HelloFresh, Deliveroo and the path to profitability in Food Tech
HelloFresh, the Berlin-based global meal kit service that’s 53% owned by Rocket Internet, is planning an IPO in October.
HelloFresh is said to be seeking a valuation of €2 billion, roughly 2x its run-rate revenues of €1 billion. Our online valuation multiples show that is double the 1x revenue multiple of Blue Apron, a U.S based close peer, which has been badly struggling after IPO-ing earlier in 2017.
HelloFresh has shown impressive growth in recent quarters of about 53% by revenues and customers, 3x faster than 18% growth for Blue Apron, which it has now also overtaken in size. Blue Apron even posted a net loss in active customers in Q2, and had to announce that it will scale back its marketing efforts. Incidentally, HelloFresh is also the second fastest hiring company in European Food Tech in the Dealroom database (after Deliveroo).
On the other hand, HelloFresh has yet to achieve positive gross margins (i.e. margins after cost of goods, fulfillment and marketing expenses). The below analysis shows what the path to profitability might look like:
In other words, if HelloFresh can reduce marketing expenses closer to Blue Apron’s 14% of sales, then positive gross margins and even positive EBITDA margins are well within reach. Today however, HelloFresh is burning about €100 million in cash per year and with €113 million of cash on the balance sheet this means it has about one year run-way left. An IPO is therefore very welcome and should provide the company with enough new capital and time to reach that profitability. The open question is what user growth will look like by then.
Another high-profile food tech player is Deliveroo. Recently its 2016 financials were disclosed, showing zero gross margins and a negative 100% (!) operating margin. It is easy to be cynical (as this funny Twitter exchange between Index Ventures Partner and Deliveroo investor Ben Holmes and skeptic Luke Johnson showed). But perhaps it is far more interesting to try and understand the numbers, to see if there is a path to profitability here:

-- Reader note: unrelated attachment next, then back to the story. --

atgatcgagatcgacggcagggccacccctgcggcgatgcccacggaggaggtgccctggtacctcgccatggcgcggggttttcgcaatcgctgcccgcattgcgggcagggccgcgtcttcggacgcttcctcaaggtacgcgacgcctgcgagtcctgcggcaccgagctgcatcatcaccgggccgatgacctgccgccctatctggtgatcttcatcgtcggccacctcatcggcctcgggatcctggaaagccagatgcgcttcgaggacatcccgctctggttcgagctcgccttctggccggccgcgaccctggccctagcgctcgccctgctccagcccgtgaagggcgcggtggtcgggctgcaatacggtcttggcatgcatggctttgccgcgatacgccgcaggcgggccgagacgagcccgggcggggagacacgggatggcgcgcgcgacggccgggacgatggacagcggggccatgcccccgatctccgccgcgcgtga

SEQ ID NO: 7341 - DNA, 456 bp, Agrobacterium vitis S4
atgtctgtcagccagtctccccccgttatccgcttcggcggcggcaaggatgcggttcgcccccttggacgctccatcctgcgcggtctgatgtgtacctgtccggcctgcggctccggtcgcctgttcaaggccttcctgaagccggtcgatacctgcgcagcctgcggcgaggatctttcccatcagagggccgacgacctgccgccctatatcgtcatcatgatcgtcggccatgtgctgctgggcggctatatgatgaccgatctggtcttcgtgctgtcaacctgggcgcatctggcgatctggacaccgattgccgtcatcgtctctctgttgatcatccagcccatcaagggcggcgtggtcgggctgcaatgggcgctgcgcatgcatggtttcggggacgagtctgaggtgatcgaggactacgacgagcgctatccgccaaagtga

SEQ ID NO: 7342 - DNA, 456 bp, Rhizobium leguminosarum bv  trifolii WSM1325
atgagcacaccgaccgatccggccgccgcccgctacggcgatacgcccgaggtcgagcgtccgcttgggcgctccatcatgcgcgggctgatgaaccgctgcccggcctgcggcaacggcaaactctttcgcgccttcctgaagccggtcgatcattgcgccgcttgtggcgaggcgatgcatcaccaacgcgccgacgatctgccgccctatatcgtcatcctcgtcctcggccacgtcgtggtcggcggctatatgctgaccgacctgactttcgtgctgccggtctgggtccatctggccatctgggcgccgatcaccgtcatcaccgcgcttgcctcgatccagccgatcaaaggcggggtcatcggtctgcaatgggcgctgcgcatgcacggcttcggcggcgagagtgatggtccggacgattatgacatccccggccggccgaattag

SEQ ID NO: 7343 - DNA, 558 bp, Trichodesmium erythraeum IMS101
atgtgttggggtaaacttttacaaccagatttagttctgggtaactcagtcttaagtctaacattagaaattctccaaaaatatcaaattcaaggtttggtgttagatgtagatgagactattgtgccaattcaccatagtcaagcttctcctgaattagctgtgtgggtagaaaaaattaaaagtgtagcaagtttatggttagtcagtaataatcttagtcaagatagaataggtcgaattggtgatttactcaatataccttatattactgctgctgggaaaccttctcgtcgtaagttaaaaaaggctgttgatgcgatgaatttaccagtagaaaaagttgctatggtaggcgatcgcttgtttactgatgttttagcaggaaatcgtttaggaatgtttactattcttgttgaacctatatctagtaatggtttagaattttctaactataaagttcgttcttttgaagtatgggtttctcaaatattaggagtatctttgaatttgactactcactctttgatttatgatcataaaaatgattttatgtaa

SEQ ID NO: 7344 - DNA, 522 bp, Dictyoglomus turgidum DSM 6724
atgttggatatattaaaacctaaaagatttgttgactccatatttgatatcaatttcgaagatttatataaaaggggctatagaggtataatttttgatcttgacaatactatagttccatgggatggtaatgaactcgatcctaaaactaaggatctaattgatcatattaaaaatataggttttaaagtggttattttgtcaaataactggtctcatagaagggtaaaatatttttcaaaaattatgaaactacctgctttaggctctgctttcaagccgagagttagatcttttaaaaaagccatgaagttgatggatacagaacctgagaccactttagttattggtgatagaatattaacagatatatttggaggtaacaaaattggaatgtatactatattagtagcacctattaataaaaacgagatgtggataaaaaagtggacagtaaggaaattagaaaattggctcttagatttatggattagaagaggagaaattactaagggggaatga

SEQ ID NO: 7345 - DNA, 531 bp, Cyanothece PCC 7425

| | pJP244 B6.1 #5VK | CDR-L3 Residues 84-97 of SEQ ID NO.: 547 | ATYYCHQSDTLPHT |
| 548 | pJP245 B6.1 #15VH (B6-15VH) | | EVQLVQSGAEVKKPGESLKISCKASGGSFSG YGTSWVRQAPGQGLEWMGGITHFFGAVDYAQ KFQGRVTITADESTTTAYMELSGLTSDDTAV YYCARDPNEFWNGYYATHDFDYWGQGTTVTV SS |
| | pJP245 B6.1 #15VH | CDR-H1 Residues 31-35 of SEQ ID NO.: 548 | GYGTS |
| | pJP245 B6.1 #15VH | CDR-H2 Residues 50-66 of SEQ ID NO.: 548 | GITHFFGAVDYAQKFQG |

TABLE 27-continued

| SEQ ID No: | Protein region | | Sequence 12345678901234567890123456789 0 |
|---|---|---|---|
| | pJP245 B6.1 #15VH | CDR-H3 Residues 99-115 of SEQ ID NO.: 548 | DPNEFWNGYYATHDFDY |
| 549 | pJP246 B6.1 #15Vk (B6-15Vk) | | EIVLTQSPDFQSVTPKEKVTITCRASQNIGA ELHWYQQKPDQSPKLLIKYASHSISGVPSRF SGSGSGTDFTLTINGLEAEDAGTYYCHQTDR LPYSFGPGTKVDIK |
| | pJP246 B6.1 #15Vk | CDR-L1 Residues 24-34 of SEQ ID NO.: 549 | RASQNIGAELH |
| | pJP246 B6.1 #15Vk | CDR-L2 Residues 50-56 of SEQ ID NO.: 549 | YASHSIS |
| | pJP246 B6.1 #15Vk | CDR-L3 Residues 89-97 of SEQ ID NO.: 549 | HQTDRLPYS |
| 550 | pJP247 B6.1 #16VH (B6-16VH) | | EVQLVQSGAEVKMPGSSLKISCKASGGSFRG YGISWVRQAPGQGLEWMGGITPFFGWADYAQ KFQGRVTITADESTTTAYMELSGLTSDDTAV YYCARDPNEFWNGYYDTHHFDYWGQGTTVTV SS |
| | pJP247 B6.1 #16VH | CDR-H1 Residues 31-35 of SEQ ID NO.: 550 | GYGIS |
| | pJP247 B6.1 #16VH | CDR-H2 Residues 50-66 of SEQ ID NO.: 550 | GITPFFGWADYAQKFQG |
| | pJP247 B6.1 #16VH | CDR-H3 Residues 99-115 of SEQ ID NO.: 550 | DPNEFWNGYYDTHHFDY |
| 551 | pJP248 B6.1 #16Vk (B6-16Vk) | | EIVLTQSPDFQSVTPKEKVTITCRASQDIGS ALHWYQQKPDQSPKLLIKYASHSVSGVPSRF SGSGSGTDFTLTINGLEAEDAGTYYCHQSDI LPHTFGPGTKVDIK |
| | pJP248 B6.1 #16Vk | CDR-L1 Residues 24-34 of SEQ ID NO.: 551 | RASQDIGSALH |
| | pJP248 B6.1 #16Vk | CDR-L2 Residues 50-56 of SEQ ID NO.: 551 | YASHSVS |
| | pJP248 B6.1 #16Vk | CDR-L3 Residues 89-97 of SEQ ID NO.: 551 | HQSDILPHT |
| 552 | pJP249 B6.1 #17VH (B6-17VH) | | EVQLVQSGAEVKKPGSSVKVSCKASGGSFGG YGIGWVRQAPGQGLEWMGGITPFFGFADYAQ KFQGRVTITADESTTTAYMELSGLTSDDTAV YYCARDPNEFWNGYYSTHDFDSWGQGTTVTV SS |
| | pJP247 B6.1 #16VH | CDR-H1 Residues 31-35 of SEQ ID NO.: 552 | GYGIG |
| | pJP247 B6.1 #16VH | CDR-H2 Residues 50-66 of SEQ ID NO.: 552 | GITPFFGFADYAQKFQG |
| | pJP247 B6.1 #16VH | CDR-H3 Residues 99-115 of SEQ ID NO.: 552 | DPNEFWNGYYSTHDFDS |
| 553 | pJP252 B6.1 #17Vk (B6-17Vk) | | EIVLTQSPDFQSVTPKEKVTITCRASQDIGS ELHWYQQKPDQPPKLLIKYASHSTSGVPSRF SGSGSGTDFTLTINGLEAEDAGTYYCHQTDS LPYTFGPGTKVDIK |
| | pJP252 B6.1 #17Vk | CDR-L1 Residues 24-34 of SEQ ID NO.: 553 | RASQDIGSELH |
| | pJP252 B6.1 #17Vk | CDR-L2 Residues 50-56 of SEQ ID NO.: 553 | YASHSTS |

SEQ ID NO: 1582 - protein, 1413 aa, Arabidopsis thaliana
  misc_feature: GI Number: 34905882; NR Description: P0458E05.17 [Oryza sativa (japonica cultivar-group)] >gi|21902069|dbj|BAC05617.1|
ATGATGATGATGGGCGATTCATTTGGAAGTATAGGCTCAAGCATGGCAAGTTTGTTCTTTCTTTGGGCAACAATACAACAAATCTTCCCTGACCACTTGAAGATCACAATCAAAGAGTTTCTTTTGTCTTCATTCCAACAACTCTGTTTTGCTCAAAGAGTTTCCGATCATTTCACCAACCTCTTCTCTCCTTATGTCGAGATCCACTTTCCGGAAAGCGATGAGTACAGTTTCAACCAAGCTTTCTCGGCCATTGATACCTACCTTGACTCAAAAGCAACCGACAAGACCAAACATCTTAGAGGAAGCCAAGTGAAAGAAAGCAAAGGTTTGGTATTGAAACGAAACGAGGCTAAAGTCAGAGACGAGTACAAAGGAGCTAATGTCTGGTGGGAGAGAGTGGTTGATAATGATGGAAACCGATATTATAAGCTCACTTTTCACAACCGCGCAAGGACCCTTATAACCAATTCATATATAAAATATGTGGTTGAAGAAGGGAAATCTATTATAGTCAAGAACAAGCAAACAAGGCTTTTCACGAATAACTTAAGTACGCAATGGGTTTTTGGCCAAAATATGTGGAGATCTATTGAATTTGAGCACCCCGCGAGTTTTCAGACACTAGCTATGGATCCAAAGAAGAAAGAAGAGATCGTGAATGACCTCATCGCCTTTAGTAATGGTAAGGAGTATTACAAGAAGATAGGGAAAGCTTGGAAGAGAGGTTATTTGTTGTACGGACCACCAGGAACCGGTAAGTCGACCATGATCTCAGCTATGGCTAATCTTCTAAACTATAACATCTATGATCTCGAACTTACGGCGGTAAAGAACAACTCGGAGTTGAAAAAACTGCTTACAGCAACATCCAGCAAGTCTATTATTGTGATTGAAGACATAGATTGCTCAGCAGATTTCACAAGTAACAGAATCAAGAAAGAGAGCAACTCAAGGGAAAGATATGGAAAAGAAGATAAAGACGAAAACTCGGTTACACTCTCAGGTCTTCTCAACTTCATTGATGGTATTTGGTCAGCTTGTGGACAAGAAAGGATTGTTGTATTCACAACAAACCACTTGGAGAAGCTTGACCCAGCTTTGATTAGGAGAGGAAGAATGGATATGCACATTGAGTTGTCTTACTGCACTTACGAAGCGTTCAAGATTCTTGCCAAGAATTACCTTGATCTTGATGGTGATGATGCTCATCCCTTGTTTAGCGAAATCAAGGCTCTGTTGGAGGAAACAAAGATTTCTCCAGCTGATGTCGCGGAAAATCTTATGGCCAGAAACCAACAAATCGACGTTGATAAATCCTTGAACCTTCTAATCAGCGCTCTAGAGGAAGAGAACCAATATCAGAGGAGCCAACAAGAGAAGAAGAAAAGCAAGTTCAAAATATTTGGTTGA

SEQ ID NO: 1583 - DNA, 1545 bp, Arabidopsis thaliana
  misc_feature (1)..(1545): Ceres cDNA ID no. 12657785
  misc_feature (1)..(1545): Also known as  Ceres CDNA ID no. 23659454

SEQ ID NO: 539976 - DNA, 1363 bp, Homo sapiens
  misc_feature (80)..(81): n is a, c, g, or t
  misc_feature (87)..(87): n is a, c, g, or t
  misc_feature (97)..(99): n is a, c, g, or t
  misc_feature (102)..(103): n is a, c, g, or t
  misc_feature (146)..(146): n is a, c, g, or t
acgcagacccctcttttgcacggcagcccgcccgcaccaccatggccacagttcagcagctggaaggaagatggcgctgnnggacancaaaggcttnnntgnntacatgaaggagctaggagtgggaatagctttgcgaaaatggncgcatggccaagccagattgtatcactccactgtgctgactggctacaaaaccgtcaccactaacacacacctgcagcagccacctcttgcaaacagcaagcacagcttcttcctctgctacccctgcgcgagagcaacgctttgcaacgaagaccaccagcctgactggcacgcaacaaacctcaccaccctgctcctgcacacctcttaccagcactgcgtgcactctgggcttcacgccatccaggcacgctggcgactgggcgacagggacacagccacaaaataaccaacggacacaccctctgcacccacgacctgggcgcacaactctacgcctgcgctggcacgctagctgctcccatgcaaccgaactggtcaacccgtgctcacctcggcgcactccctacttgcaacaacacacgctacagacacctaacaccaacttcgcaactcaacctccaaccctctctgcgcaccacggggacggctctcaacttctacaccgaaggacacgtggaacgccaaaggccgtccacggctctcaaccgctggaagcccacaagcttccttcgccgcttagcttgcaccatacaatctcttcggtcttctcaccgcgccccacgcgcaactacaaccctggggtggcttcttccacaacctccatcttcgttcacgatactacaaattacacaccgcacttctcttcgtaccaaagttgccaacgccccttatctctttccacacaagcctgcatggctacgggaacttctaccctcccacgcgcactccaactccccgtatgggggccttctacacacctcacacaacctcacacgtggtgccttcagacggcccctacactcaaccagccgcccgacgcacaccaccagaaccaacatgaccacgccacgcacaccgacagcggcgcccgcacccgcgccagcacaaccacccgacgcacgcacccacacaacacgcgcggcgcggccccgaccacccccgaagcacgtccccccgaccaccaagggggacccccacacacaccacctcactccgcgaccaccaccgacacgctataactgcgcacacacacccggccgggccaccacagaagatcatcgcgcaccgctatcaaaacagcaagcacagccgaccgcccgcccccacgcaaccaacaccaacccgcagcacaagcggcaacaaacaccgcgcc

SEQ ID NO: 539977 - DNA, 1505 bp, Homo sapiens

In the case of Deliveroo there are clear precedents. Of course Deliveroo’s business model is more complicated and operationally risky than Just Eat’s business model. And Deliveroo’s management already disclosed it needs affluent areas with high densities to thrive. There are plenty such places around the world of course. At the same time, rival Uber has lost it’s aura of invincibility (and potentially it’s London license).
Food tech investment has had a major revival in 2017, almost back to 2015 levels. This is partly thanks to large venture capital investments into Delivery Hero (which has been performing above market expectations recently), Deliveroo, Picnic and others. To explore the investment data in more detail, see the below interactive Food Tech VC funding chart:
Interested in a further deep dive into food tech? Check out this Dealroom / Priori Data report from earlier this year. It combines proprietary data from Dealroom and Priori Data with annual reports, investor presentations and equity research about Just Eat, Takeaway.com and Rocket Internet, plus SimilarWeb online traffic data:
Report - Food Delivery Tech: a Deep Dive
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